On Wednesday, I visited the Church of the Holy Sepulchre in Jerusalem. I expected to be awed, wowed and even moved. But I never anticipated tears.
The line to visit the site of Christ’s crucifixion was long, and the guide of our small tour group initially stated that we would have to stand back and take photos, rather than waiting. I was disappointed, but I didn’t want to argue, particularly being the only Catholic in the group.
But Irit, who has been a wonderful guide this week, sensed my sadness. She thought for a moment and then told me to follow her as we walked around to the other side of the line — going the wrong way! Irit spoke some animated words in Hebrew to a few woman waiting patiently, and the next thing I knew, she was hurrying me to kneel in the shrine area. Once on my knees, I realized I didn’t really know what I was doing. I saw on the ground what appeared to be a gold plate with a hole in it. The plate didn’t seem hugely significant, and the hole didn’t seem to lead to anything interesting. I looked up and saw an icon of Jesus, and before I knew it, my eyes were welling up.
I couldn’t believe it. Tears. I was about to cry, and I had no idea why. All of this took place in perhaps the span of 60 seconds, but I seem to remember having the fleeting thought, “He died for me. Here.”
I tried to collect myself, and I backed out of the shrine area. Irit then handed me a taper candle and suggested I light it and say a prayer. Only then did she notice I was tearing up, and I instantly felt embarrassed. She comforted me warmly, telling me it’s an emotional thing to see and then saying with a smile, “This makes my day.” I thanked her so sincerely for working to get me to the head of the line. I have no idea what she said to do so, but I am grateful!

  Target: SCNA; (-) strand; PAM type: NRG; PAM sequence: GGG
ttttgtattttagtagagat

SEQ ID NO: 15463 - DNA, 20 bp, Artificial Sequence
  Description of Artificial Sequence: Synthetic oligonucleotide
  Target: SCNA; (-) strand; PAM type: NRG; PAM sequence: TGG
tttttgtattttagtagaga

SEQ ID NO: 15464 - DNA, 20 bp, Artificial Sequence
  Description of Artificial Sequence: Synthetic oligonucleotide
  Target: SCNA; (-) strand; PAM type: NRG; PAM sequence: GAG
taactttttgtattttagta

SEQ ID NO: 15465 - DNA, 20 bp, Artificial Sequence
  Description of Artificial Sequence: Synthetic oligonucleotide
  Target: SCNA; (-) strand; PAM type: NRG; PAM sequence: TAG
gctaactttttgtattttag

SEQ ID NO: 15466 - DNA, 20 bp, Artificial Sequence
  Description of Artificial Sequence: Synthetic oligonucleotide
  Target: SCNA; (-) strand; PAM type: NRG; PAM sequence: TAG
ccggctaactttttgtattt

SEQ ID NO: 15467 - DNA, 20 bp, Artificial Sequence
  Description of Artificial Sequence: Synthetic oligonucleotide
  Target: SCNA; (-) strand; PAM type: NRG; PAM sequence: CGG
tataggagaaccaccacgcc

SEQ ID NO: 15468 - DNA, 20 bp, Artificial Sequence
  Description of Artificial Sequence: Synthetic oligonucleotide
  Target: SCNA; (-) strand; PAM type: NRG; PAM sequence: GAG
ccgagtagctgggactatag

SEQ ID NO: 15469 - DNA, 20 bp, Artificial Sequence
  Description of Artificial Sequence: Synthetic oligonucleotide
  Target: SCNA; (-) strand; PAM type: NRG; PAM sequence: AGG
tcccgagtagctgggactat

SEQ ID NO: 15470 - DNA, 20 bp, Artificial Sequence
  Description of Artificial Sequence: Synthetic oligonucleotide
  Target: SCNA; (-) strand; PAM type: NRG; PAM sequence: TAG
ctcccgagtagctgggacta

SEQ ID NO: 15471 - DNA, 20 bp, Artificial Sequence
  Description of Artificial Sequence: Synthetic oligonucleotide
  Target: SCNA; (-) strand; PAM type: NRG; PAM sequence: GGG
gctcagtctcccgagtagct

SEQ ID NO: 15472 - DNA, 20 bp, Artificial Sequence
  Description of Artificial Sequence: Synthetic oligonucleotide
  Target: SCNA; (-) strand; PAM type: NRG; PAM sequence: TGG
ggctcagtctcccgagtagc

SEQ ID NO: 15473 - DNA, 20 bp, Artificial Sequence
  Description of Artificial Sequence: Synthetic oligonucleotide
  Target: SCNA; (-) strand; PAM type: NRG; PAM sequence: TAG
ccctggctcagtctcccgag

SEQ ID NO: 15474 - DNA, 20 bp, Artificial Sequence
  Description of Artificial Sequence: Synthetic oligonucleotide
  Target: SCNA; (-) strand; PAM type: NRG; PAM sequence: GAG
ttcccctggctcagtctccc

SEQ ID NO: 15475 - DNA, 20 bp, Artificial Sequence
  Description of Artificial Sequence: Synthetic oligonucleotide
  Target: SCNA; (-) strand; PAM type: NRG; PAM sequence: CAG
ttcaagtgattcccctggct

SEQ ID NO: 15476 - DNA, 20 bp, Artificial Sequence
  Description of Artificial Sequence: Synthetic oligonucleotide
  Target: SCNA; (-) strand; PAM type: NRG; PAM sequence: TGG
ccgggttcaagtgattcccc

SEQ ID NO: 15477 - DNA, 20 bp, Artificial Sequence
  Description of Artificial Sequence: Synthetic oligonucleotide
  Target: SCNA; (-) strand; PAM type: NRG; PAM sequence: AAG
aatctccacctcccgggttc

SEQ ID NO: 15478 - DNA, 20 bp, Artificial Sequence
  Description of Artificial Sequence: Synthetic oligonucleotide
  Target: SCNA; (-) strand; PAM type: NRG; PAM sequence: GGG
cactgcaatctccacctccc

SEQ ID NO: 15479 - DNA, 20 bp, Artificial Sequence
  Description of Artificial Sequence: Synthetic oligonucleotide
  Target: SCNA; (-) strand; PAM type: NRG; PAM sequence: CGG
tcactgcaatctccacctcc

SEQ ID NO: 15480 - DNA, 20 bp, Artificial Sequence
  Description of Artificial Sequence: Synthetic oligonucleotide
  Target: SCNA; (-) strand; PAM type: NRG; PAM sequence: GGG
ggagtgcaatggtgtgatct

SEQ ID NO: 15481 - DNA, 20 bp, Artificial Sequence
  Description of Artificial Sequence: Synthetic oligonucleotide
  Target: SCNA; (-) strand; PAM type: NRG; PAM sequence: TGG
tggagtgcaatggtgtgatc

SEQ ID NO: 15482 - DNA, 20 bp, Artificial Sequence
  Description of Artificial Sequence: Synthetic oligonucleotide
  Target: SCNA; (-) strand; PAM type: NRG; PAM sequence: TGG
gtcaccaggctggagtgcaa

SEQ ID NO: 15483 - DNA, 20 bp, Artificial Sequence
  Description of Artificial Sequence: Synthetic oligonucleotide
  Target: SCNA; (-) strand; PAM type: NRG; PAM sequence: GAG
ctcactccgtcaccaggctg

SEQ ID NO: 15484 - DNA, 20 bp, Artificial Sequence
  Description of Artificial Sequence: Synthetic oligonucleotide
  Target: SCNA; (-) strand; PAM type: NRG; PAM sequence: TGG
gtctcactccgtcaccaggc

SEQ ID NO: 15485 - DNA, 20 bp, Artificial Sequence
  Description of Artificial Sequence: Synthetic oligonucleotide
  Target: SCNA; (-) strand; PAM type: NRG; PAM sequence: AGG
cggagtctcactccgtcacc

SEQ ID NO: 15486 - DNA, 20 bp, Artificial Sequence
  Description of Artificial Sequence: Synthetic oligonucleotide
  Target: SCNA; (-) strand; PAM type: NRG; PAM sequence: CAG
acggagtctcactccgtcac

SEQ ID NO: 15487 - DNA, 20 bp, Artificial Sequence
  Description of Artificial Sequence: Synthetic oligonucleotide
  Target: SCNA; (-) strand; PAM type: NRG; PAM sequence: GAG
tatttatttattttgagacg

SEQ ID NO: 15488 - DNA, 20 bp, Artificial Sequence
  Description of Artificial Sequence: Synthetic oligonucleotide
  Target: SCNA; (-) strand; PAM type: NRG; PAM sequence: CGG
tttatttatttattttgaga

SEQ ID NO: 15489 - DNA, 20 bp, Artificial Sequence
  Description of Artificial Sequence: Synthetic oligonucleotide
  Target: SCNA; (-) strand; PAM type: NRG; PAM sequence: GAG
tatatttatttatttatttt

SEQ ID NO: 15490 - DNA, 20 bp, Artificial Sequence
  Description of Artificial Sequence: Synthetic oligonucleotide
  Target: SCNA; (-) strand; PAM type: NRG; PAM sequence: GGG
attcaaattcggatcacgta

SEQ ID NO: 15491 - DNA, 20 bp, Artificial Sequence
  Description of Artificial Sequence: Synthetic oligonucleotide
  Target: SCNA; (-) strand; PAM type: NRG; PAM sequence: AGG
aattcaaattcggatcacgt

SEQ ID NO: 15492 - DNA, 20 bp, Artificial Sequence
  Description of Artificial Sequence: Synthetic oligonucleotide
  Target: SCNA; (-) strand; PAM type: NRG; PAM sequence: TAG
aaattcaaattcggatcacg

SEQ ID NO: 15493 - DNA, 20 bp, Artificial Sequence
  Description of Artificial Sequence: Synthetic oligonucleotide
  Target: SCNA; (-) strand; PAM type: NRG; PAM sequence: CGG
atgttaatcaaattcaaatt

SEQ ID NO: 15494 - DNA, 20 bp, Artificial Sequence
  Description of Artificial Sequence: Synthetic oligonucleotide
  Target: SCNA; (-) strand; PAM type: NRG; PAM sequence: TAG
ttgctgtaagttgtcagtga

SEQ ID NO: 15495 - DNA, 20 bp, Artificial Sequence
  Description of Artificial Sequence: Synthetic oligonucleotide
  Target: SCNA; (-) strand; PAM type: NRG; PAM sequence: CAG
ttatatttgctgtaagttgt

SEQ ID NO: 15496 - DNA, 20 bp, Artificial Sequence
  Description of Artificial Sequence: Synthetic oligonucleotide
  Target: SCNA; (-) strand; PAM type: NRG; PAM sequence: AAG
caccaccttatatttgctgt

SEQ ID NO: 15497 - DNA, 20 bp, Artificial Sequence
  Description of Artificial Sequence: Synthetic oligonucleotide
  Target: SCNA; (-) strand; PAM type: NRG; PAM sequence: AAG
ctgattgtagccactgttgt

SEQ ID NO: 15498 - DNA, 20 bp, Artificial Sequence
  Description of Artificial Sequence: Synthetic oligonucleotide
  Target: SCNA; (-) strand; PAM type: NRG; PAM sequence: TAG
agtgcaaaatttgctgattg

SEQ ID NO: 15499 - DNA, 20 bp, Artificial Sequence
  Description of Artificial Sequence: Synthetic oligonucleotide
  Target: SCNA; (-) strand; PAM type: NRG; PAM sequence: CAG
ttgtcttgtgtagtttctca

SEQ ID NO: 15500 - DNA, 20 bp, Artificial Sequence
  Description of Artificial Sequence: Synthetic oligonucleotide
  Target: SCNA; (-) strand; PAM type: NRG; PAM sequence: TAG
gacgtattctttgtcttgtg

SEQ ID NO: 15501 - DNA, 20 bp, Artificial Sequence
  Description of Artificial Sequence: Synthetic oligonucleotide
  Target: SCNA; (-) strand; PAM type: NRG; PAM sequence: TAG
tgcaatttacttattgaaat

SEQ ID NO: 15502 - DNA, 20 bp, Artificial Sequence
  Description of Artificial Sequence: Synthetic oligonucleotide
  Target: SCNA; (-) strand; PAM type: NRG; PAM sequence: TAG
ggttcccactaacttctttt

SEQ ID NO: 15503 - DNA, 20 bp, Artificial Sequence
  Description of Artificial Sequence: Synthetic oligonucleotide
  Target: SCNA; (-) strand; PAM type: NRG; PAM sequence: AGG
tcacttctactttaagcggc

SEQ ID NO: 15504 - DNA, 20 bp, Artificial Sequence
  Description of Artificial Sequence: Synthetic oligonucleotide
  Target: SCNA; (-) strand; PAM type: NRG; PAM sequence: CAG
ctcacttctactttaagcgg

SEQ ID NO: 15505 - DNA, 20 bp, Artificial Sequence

As I lit my candle, my immediate thoughts were of my grandfather, age 90, thousands of miles away from me at that moment. All at once, I prayed for his continued good health, thanked God for blessing me with him, and asked for as much more time with him as possible.
I nestled my candle in the sand, smiled at Irit, and off we went, down the stairs to the Anointment Rock, where Jesus was washed and prepared for burial. Again I found myself feeling teary-eyed.
Where was this coming from?!
I have always been Catholic, but in truth, I’ve always focused more on my relationship with God, the Creator. I’ve had to admit before that I don’t really feel as though I know Jesus. To me, He was a complicated man, someone I don’t always understand and someone I even fear at times.
Why, then, was I so emotional at the site of His death?
My hope is that maybe this is the start of a real relationship between Him and me. Maybe on this trip to Israel, I’ll come to understand Jesus better and see Him as someone more knowable, in some small way.
But even if I don’t, I’ll cherish today forever — my eyes full of tears I never saw coming.